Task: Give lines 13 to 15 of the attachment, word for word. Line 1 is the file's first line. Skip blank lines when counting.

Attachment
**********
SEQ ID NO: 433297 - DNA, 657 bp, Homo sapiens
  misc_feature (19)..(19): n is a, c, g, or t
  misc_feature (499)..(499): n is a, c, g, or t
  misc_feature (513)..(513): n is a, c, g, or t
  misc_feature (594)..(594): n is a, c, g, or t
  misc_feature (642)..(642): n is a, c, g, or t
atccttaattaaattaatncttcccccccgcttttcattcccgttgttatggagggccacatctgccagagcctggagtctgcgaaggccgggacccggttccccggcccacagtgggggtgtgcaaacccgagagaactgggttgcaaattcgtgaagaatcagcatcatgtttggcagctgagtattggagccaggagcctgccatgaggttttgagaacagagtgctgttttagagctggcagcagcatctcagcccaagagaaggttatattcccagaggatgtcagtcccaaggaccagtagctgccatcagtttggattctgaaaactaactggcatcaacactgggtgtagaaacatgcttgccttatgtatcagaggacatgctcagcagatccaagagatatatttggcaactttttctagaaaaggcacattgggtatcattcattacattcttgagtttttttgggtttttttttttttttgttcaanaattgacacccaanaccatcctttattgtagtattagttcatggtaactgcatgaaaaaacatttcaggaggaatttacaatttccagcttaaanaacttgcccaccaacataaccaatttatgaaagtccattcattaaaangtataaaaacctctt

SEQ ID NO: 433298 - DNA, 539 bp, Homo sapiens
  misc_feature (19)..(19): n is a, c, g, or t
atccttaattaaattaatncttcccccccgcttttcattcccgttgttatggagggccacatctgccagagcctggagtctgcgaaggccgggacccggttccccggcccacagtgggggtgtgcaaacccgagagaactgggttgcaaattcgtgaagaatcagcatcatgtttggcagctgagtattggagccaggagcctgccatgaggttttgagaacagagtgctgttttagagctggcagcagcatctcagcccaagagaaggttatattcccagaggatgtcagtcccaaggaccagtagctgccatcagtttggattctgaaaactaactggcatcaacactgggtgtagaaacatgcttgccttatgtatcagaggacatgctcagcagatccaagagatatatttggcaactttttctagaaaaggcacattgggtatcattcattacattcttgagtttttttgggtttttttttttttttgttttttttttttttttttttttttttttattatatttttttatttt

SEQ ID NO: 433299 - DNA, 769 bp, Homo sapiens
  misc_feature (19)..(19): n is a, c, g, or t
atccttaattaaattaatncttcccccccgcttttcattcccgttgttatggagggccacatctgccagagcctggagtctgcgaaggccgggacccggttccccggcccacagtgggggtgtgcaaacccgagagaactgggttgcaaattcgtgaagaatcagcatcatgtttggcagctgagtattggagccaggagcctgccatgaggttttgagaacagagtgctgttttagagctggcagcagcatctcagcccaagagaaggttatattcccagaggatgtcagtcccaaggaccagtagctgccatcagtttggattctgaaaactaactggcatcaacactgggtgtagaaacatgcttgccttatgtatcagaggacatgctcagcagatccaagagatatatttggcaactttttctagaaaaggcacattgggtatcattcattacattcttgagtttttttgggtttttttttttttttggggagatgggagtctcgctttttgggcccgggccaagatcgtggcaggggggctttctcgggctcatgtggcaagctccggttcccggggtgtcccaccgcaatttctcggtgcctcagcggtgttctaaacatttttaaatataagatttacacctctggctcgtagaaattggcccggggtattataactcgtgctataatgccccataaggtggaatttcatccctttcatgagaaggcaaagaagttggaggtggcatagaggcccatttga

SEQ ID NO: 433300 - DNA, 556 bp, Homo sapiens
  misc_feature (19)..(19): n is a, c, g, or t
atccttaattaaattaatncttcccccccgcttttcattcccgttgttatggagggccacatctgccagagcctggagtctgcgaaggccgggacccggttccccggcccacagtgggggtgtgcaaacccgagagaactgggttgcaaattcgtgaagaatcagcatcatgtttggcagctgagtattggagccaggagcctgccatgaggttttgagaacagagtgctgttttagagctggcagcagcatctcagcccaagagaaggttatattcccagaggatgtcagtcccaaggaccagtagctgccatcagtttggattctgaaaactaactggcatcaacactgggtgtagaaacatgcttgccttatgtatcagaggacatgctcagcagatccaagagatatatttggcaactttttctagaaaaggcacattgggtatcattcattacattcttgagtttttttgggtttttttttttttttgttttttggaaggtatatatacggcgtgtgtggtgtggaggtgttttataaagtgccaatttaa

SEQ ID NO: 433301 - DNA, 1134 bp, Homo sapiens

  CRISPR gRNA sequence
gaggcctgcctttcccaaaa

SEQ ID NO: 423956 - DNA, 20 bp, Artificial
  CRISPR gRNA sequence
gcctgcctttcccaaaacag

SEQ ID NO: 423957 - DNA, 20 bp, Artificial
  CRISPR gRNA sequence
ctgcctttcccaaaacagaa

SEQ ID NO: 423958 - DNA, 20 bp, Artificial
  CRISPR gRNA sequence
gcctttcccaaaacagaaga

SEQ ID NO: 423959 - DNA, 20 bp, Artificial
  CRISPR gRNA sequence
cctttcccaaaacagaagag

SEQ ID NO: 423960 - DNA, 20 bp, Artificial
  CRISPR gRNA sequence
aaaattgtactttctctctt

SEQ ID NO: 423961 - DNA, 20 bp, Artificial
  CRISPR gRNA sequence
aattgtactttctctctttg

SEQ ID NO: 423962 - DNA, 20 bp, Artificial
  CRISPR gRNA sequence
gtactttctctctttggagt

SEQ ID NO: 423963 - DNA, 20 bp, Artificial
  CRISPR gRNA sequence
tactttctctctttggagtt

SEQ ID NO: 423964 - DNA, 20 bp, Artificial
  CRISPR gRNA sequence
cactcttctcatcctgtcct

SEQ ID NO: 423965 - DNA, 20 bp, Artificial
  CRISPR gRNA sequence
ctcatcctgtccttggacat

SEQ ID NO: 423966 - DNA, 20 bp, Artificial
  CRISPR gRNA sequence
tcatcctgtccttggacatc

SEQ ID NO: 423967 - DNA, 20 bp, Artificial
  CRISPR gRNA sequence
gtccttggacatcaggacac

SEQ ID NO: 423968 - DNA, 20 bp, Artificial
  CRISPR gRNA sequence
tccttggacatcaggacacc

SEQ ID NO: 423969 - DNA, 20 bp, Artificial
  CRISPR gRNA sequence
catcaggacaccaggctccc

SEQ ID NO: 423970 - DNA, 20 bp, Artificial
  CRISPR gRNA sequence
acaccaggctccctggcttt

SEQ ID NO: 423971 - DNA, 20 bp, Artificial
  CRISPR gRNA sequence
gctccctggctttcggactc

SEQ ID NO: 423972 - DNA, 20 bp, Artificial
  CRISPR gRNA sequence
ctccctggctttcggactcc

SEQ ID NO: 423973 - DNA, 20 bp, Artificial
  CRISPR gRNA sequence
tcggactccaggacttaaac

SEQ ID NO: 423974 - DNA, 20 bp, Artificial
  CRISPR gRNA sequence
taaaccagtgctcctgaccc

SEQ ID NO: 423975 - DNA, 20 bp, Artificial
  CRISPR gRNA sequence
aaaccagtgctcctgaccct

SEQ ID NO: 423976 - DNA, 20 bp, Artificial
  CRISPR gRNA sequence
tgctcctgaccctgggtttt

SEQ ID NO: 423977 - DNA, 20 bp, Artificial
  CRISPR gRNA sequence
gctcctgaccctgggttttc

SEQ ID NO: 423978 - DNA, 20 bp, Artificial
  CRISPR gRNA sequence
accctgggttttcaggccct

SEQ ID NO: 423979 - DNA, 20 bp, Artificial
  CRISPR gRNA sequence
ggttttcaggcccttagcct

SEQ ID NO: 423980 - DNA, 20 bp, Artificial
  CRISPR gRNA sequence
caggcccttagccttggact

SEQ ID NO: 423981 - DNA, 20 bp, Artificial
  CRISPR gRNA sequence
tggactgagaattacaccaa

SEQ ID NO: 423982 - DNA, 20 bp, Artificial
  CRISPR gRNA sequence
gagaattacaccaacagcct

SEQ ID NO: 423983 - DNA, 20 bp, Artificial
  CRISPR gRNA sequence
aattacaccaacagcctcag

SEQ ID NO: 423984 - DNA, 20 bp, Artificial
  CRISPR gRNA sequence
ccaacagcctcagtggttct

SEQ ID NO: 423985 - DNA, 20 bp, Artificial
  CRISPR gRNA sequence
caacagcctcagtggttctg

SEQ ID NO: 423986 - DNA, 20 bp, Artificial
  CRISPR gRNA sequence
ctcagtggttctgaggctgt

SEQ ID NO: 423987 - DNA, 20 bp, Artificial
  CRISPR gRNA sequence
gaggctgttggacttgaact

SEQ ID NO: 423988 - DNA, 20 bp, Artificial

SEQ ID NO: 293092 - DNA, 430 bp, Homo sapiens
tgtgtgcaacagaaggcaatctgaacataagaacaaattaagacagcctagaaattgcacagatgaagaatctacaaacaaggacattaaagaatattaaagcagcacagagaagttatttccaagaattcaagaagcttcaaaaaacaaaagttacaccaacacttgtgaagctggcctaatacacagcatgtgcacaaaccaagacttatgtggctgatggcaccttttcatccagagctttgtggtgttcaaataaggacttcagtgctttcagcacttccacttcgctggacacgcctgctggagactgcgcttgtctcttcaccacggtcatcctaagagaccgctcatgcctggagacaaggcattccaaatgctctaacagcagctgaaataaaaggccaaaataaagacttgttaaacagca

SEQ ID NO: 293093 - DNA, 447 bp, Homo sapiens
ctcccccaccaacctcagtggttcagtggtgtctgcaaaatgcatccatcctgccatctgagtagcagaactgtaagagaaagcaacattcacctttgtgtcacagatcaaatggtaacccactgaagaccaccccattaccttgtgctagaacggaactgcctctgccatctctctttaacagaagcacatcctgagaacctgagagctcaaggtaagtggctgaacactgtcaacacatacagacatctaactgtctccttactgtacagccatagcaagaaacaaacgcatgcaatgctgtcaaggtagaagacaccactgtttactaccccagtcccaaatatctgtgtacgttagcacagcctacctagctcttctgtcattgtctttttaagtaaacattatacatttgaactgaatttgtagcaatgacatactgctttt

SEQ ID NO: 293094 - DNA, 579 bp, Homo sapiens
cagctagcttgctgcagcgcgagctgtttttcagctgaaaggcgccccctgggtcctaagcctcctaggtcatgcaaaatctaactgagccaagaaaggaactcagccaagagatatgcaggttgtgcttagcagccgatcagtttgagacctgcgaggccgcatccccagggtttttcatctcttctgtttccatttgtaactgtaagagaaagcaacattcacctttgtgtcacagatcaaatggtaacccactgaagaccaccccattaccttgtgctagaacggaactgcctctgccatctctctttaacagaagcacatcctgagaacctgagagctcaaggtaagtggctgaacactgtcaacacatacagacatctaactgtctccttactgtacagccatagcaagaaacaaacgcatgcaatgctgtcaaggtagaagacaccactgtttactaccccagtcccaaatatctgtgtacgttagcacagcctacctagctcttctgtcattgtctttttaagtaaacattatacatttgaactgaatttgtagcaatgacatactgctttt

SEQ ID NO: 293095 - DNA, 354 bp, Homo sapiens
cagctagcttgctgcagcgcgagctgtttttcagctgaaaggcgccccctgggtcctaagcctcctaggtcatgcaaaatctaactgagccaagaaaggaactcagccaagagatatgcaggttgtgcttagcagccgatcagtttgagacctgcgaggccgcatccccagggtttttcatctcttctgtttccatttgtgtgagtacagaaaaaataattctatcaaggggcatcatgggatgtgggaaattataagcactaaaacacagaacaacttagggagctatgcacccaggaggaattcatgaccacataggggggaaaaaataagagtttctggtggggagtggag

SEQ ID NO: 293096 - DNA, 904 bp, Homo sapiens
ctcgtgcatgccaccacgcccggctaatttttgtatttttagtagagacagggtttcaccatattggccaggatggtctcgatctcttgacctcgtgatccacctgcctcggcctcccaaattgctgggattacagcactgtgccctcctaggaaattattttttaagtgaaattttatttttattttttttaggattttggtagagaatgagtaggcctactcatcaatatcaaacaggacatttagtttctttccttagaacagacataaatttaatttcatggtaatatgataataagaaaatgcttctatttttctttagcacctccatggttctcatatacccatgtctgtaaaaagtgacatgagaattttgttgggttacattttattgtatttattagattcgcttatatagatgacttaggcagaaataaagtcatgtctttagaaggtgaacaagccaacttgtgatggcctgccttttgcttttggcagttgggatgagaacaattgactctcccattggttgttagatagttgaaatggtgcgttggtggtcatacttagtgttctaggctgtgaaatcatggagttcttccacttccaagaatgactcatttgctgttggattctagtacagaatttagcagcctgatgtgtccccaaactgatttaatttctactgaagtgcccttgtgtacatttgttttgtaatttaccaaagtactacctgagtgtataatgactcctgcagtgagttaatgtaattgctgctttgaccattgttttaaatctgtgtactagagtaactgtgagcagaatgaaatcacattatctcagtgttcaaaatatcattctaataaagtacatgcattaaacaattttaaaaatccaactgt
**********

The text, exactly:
atccttaattaaattaatncttcccccccgcttttcattcccgttgttatggagggccacatctgccagagcctggagtctgcgaaggccgggacccggttccccggcccacagtgggggtgtgcaaacccgagagaactgggttgcaaattcgtgaagaatcagcatcatgtttggcagctgagtattggagccaggagcctgccatgaggttttgagaacagagtgctgttttagagctggcagcagcatctcagcccaagagaaggttatattcccagaggatgtcagtcccaaggaccagtagctgccatcagtttggattctgaaaactaactggcatcaacactgggtgtagaaacatgcttgccttatgtatcagaggacatgctcagcagatccaagagatatatttggcaactttttctagaaaaggcacattgggtatcattcattacattcttgagtttttttgggtttttttttttttttggggagatgggagtctcgctttttgggcccgggccaagatcgtggcaggggggctttctcgggctcatgtggcaagctccggttcccggggtgtcccaccgcaatttctcggtgcctcagcggtgttctaaacatttttaaatataagatttacacctctggctcgtagaaattggcccggggtattataactcgtgctataatgccccataaggtggaatttcatccctttcatgagaaggcaaagaagttggaggtggcatagaggcccatttga

SEQ ID NO: 433300 - DNA, 556 bp, Homo sapiens
  misc_feature (19)..(19): n is a, c, g, or t